While chronicling his mother's recent struggle to become a Southern Baptist pastor, lawyer-turned-filmmaker Steven Lipscomb uncovers a whirlwind of change within the Baptist church and a rising tide of conservative opposition to women as senior church leaders. Battle for the Minds, an award-winning, thoughtful and probing film, presents commentary from leaders on both sides of the divide and illustrates the ways in which the fight over the ordination of women is part of a broader, highly charged ideological debate over the future of the Baptist church itself. Battle for the Minds will air nationally Tuesday, June 10 at 10 PM ET on PBS (check local listings) as part of the POV series, broadcast television's only continuing showcase for independent non-fiction film. Celebrating its 10th anniversary season, POV moves into its next decade of innovative, independent and interactive programming beginning Tuesdays June 3 through August 5.
"In April 1995," recalls Lipscomb, "I was on the phone with my mother, Dixie Petry, who is the third generation in my family to attend The Southern Baptist Theological Seminary in Louisville, KY and become a Southern Baptist pastor. She told me of places that she was not allowed to speak and meetings she was not allowed to attend, because she is a
Lipscomb was stunned. "I couldn't believe something like this was happening in this century," he recalls. "It felt like a moral imperative to tell people what was going on." Two weeks later, Lipscomb who was at the seminary, reported what he calls "truly remarkable events." For example, Molly Marshall, a charismatic and devout tenured professor of theology, had been forced to resign, staff were being prohibited from challenging the administration, and new faculty members were being asked to sign documents declaring their stance against abortion, homosexuality and women pastors.
Lipscomb set out to explore the story. Eagerly and adamantly, the Baptists he encountered while filming expressed their convictions. "[God] said that women should keep their tongues quiet in the church, and I believe that in all ways," a young man says. "Jesus chose the apostles and they were all men. I believe that women need to sit in the pews," a woman adds firmly. "The Bible is crystal clear that in the church of God, women are not to have the position of ruling and teaching over men," says Dr. Paige Patterson, the president of Southeastern Baptist Theological Seminary. "I don't know all the reasons why God did that...but he said it and I can't be committed to the authority of God's revealed word and take a position other than what his word takes."
Dr. Henlee Barnette, senior professor of ethics at Southern, sees the issue in a different light. "Why do we raise such a ruckus over a woman being a senior pastor?" he asks.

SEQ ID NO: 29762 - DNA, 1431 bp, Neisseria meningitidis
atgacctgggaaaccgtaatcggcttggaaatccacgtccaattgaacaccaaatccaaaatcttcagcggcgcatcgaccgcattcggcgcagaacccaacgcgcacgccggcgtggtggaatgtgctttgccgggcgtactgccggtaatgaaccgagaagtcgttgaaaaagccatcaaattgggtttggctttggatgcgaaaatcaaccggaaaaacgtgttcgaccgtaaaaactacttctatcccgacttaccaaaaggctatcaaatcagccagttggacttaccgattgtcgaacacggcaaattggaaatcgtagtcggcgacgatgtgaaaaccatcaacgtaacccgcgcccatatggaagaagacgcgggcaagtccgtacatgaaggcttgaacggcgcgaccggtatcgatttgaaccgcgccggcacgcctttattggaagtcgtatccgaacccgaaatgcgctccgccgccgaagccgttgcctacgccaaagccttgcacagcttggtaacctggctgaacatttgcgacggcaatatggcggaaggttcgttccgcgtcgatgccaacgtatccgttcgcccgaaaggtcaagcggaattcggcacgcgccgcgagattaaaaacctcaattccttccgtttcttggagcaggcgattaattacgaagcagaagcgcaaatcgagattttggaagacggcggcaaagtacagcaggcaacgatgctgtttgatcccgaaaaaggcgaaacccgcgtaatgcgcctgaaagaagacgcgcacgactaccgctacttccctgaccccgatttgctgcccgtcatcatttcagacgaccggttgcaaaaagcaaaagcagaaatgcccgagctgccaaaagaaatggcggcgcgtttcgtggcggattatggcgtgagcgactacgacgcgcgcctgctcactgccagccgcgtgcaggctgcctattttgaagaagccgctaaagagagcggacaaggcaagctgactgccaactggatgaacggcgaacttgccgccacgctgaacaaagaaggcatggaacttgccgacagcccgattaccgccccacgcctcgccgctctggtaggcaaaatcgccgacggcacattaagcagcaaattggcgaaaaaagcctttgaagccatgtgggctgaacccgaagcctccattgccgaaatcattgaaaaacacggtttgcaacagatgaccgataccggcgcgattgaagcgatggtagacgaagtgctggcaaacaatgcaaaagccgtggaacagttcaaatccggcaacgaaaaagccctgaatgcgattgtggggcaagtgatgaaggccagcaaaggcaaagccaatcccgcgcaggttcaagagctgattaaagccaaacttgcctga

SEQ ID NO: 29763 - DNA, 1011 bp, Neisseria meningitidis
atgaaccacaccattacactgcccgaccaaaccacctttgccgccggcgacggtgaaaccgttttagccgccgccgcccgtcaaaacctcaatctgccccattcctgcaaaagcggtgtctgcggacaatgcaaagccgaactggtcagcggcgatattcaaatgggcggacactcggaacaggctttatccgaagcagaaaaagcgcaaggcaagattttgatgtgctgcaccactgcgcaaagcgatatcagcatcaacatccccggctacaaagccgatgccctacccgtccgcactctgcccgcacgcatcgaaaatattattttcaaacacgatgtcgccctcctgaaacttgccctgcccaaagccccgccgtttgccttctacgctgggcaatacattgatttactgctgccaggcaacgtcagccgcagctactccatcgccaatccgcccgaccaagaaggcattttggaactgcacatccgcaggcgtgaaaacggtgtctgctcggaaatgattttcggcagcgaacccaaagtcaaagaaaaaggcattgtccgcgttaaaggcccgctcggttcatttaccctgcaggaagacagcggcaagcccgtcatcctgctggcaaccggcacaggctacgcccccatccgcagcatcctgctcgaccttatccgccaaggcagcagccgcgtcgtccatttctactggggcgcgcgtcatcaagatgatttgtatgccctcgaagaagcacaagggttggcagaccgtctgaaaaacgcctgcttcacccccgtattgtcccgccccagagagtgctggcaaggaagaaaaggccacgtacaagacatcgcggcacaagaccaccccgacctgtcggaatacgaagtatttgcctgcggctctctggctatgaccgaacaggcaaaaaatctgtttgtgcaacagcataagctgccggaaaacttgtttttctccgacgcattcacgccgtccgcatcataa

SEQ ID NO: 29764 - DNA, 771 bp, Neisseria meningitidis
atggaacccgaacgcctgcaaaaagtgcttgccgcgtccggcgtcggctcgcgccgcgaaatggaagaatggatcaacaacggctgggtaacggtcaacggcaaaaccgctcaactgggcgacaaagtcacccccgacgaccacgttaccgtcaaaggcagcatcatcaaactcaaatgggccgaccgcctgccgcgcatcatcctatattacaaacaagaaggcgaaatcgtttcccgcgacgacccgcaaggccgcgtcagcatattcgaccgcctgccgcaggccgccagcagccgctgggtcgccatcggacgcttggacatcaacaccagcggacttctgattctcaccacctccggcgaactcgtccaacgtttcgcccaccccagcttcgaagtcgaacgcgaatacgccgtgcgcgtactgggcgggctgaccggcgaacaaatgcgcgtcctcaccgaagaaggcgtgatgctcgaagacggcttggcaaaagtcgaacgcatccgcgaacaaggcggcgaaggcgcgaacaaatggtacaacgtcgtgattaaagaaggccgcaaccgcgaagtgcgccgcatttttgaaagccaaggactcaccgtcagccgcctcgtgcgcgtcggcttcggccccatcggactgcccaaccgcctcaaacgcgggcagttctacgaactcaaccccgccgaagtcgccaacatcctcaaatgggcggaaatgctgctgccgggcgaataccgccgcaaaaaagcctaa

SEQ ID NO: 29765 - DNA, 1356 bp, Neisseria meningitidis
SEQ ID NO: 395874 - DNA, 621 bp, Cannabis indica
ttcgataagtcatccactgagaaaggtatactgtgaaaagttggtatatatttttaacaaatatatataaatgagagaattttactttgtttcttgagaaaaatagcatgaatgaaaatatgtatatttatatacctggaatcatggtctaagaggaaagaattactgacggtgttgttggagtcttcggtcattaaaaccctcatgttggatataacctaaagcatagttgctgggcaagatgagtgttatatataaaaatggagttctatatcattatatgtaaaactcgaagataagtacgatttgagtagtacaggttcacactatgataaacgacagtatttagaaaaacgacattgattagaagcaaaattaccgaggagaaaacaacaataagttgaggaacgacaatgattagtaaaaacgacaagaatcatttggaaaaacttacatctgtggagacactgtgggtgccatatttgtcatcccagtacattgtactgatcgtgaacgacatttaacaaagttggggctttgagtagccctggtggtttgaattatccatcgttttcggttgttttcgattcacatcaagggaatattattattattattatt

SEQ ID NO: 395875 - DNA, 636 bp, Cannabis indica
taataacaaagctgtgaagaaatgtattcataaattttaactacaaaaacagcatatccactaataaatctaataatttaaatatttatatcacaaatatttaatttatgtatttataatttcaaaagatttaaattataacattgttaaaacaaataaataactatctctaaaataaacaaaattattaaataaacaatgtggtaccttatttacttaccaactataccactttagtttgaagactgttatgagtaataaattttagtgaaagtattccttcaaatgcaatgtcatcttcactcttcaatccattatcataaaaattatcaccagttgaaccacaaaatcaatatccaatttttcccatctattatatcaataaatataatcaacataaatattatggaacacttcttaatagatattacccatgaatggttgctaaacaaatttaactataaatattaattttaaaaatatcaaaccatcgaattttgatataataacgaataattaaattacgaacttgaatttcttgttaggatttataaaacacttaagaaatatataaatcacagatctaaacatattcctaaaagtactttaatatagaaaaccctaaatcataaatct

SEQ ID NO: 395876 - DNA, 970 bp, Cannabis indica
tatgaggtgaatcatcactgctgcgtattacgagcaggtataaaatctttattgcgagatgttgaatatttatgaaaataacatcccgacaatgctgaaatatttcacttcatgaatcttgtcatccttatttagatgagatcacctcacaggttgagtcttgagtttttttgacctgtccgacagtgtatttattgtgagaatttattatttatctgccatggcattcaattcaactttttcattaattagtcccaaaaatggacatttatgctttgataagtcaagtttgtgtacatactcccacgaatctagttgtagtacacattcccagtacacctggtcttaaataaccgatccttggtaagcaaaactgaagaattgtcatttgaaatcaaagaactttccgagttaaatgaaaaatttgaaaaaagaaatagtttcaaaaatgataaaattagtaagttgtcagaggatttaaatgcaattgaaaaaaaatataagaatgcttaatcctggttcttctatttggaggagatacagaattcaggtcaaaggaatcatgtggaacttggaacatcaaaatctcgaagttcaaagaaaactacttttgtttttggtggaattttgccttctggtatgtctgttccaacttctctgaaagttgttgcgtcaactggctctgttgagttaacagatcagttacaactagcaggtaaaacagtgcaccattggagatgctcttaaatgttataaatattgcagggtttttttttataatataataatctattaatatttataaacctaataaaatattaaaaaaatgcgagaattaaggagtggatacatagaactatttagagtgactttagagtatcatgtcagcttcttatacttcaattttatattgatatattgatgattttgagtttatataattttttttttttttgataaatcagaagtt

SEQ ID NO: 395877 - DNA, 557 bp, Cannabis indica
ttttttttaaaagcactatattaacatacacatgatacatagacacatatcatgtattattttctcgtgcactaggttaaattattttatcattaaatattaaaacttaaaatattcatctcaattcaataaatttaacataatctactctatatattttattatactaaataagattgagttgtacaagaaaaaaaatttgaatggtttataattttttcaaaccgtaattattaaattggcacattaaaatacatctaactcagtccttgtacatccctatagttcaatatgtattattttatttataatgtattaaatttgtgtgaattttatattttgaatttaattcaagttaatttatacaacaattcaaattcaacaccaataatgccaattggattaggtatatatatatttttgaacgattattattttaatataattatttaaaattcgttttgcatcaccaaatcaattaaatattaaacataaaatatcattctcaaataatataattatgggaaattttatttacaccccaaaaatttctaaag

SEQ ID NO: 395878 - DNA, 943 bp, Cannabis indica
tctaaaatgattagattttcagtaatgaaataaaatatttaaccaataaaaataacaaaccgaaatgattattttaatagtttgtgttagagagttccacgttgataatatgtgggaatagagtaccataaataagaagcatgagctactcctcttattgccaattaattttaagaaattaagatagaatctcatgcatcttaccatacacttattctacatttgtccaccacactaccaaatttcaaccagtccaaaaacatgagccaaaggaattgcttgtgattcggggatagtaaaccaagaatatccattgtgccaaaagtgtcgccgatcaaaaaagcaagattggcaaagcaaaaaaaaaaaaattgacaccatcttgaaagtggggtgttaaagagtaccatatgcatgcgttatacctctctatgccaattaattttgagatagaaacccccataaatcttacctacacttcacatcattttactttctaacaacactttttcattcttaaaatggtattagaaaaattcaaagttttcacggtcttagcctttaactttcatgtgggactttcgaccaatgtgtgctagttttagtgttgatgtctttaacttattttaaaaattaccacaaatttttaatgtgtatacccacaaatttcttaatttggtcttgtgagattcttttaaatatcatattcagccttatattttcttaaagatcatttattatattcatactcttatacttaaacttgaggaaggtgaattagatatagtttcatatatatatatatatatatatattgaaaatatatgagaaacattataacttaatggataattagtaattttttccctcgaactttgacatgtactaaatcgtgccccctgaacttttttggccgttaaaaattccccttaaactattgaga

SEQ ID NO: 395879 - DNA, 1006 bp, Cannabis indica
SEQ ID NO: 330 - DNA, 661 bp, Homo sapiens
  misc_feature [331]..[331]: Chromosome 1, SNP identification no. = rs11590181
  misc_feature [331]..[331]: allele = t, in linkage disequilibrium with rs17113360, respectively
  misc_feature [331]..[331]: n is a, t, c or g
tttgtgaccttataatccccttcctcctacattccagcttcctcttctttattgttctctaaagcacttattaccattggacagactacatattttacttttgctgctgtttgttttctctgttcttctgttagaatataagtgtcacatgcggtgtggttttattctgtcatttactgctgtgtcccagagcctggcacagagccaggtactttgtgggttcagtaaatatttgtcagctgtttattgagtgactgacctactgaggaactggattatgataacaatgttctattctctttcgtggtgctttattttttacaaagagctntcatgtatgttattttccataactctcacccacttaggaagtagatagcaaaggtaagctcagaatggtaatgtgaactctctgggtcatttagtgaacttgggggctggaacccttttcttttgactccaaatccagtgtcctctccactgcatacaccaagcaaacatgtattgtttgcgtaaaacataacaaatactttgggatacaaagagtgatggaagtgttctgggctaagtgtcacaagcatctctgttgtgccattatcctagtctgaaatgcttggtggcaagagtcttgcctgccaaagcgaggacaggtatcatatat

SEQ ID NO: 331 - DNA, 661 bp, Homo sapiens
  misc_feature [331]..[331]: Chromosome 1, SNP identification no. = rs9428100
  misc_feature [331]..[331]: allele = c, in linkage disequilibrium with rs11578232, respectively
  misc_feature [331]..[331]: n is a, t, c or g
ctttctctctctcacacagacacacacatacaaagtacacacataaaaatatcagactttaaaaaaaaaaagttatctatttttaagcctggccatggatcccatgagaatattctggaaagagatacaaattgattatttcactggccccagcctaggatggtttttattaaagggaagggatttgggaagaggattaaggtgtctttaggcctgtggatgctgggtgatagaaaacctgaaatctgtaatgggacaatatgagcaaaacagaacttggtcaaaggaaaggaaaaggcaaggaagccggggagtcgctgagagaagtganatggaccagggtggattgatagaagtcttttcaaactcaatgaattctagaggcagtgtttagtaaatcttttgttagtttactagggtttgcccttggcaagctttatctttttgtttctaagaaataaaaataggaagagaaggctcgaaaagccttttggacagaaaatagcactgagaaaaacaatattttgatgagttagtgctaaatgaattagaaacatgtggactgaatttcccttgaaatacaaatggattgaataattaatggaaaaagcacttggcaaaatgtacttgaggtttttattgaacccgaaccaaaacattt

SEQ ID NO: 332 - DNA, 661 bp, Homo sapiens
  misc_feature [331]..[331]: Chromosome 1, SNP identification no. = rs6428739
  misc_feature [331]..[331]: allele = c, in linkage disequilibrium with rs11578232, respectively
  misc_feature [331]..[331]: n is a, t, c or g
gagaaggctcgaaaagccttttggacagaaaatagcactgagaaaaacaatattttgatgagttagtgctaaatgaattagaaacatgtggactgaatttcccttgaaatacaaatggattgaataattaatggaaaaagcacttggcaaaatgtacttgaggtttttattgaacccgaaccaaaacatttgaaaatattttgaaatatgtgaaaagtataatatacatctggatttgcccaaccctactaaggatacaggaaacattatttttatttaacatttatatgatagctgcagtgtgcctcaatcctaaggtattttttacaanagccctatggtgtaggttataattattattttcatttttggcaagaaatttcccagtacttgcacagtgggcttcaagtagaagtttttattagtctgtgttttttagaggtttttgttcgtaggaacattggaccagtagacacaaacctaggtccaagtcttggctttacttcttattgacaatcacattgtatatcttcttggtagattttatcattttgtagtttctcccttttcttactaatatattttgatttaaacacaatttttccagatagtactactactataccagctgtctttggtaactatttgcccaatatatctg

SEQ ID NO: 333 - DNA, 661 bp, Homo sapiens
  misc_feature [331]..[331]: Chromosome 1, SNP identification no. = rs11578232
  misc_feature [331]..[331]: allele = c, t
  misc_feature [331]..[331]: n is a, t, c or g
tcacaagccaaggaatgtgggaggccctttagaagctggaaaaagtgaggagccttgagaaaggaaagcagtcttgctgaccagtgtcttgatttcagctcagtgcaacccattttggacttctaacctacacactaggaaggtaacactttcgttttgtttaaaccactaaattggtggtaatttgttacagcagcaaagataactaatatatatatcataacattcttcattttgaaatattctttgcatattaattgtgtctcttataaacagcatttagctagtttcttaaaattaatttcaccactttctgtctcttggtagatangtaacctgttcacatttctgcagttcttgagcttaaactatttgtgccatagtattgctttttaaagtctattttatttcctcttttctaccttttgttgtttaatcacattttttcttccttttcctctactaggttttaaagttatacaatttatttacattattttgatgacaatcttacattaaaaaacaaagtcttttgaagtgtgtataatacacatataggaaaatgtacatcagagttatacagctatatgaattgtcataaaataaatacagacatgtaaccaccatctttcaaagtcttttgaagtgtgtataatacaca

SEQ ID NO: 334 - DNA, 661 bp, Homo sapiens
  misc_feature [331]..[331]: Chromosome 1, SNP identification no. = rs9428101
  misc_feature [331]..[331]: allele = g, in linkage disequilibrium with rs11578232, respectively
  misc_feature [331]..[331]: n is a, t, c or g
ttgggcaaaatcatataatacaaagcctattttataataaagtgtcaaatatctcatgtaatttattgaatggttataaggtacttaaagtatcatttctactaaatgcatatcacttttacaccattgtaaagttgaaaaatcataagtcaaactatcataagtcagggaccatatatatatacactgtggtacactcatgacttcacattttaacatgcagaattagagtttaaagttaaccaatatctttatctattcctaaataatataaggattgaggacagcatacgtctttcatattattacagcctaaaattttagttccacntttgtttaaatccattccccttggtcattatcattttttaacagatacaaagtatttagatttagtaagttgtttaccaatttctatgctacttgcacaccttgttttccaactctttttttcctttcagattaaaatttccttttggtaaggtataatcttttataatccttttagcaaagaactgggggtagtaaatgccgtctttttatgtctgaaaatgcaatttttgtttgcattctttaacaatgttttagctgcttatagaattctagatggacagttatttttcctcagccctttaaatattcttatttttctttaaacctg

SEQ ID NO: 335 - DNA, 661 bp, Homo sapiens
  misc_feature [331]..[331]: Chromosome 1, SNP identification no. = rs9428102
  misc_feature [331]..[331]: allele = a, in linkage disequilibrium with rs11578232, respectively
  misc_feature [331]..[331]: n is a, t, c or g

"Why don't we raise a ruckus over slavery? The Bible [also] teaches slavery." He points out that the Bible also mandates capital punishment for adulterers: "That'd take care of the population," he concludes. "You see, what they do, they pick and choose different passages to support their own prejudices."
A distinguished array of theologians also trace the rise of the Baptist movement in America, beginning with Roger Williams, who established Rhode Island as the " first experiment in true religious liberty in America," according to Paul Simmons, former professor of Christian Ethics at Southern Seminary. "Following Williams, there was John Leland and Issac Baccus who along with James Madison and Thomas Jefferson insured what is now the First Amendment to the Constitution of the United States. That was a Baptist contribution -- the notion of religious liberty and the separation of church and state in the United States."
Shifts and changes within the power structure of the Southern Baptist Convention have caused a widening schism between conservatives and moderates--a battle waged at the seminary level and at the annual Southern Baptist Convention. Battle for the Minds captures this pivotal chapter in Southern Baptist history with respect and insight, chronicling turbulent exchanges at the Southern Baptist Convention, tense meetings of seminary trustees and a passionate, song-filled candlelight campus vigil.
First time producer/director Lipscomb had unusual access and deeply personal motivations for capturing the drama. "Having grown up in a family steeped in this tradition, the film comes directly from my heritage and in a way, from my heart. I felt like it was a story that needed to be told, because people were not able to tell it themselves. There were people who had been silenced," says Lipscomb.
The debate rages on. For the single largest Protestant denomination in the United States, with nearly 40,000 churches and almost 15 million members, the future remains uncertain. There are no easy answers, but what seems clear is that Southern Baptists, fortified by their strong faith in God and the power of the Scriptures, will continue to fight for what they believe in. "Despite the fact that we see difficult things taking place in this film, the grand ray of hope is that there are women, despite all the things that have happened to them, who are out there doing extraordinary things," says the filmmaker. "Nothing will keep these women down and they will continue to touch lives as only they can."